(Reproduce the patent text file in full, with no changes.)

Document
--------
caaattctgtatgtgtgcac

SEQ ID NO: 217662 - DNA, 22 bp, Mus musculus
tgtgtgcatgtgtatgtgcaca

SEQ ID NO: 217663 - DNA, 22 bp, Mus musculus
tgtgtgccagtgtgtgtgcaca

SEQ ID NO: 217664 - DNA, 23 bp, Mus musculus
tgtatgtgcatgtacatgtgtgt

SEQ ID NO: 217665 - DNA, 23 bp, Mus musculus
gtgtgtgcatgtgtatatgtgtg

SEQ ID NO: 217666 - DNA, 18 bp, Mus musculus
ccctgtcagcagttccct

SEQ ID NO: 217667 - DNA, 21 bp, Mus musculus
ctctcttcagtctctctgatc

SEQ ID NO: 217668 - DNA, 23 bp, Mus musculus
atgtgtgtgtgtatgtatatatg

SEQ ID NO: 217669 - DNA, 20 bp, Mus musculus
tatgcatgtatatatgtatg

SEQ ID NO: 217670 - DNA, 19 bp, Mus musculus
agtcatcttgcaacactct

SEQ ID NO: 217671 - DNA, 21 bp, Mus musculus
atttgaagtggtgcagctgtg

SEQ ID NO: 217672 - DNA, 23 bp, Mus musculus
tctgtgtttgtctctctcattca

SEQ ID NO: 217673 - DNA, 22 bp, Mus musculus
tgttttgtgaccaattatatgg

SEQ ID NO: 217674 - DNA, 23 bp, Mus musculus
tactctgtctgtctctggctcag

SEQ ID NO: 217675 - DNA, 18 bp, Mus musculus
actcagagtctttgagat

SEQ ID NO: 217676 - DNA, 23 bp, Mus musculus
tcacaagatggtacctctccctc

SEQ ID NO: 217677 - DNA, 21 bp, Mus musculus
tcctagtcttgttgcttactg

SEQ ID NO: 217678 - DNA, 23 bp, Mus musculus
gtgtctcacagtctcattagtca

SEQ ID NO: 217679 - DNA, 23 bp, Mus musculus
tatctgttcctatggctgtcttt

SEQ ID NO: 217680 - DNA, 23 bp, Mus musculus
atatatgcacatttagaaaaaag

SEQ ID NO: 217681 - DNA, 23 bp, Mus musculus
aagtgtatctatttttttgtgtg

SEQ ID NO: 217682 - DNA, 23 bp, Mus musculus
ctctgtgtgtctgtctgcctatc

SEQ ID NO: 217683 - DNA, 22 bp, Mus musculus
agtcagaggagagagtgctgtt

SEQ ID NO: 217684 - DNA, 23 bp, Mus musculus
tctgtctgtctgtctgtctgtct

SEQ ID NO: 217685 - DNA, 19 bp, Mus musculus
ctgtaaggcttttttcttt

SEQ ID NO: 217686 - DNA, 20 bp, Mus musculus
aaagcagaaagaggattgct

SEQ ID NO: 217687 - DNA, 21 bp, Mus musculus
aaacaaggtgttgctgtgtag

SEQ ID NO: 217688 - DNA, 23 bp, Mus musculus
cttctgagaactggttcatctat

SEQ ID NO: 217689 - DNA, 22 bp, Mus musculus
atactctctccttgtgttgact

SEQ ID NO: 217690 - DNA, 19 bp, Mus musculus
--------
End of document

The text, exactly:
caaattctgtatgtgtgcac

SEQ ID NO: 217662 - DNA, 22 bp, Mus musculus
tgtgtgcatgtgtatgtgcaca

SEQ ID NO: 217663 - DNA, 22 bp, Mus musculus
tgtgtgccagtgtgtgtgcaca

SEQ ID NO: 217664 - DNA, 23 bp, Mus musculus
tgtatgtgcatgtacatgtgtgt

SEQ ID NO: 217665 - DNA, 23 bp, Mus musculus
gtgtgtgcatgtgtatatgtgtg

SEQ ID NO: 217666 - DNA, 18 bp, Mus musculus
ccctgtcagcagttccct

SEQ ID NO: 217667 - DNA, 21 bp, Mus musculus
ctctcttcagtctctctgatc

SEQ ID NO: 217668 - DNA, 23 bp, Mus musculus
atgtgtgtgtgtatgtatatatg

SEQ ID NO: 217669 - DNA, 20 bp, Mus musculus
tatgcatgtatatatgtatg

SEQ ID NO: 217670 - DNA, 19 bp, Mus musculus
agtcatcttgcaacactct

SEQ ID NO: 217671 - DNA, 21 bp, Mus musculus
atttgaagtggtgcagctgtg

SEQ ID NO: 217672 - DNA, 23 bp, Mus musculus
tctgtgtttgtctctctcattca

SEQ ID NO: 217673 - DNA, 22 bp, Mus musculus
tgttttgtgaccaattatatgg

SEQ ID NO: 217674 - DNA, 23 bp, Mus musculus
tactctgtctgtctctggctcag

SEQ ID NO: 217675 - DNA, 18 bp, Mus musculus
actcagagtctttgagat

SEQ ID NO: 217676 - DNA, 23 bp, Mus musculus
tcacaagatggtacctctccctc

SEQ ID NO: 217677 - DNA, 21 bp, Mus musculus
tcctagtcttgttgcttactg

SEQ ID NO: 217678 - DNA, 23 bp, Mus musculus
gtgtctcacagtctcattagtca

SEQ ID NO: 217679 - DNA, 23 bp, Mus musculus
tatctgttcctatggctgtcttt

SEQ ID NO: 217680 - DNA, 23 bp, Mus musculus
atatatgcacatttagaaaaaag

SEQ ID NO: 217681 - DNA, 23 bp, Mus musculus
aagtgtatctatttttttgtgtg

SEQ ID NO: 217682 - DNA, 23 bp, Mus musculus
ctctgtgtgtctgtctgcctatc

SEQ ID NO: 217683 - DNA, 22 bp, Mus musculus
agtcagaggagagagtgctgtt

SEQ ID NO: 217684 - DNA, 23 bp, Mus musculus
tctgtctgtctgtctgtctgtct

SEQ ID NO: 217685 - DNA, 19 bp, Mus musculus
ctgtaaggcttttttcttt

SEQ ID NO: 217686 - DNA, 20 bp, Mus musculus
aaagcagaaagaggattgct

SEQ ID NO: 217687 - DNA, 21 bp, Mus musculus
aaacaaggtgttgctgtgtag

SEQ ID NO: 217688 - DNA, 23 bp, Mus musculus
cttctgagaactggttcatctat

SEQ ID NO: 217689 - DNA, 22 bp, Mus musculus
atactctctccttgtgttgact

SEQ ID NO: 217690 - DNA, 19 bp, Mus musculus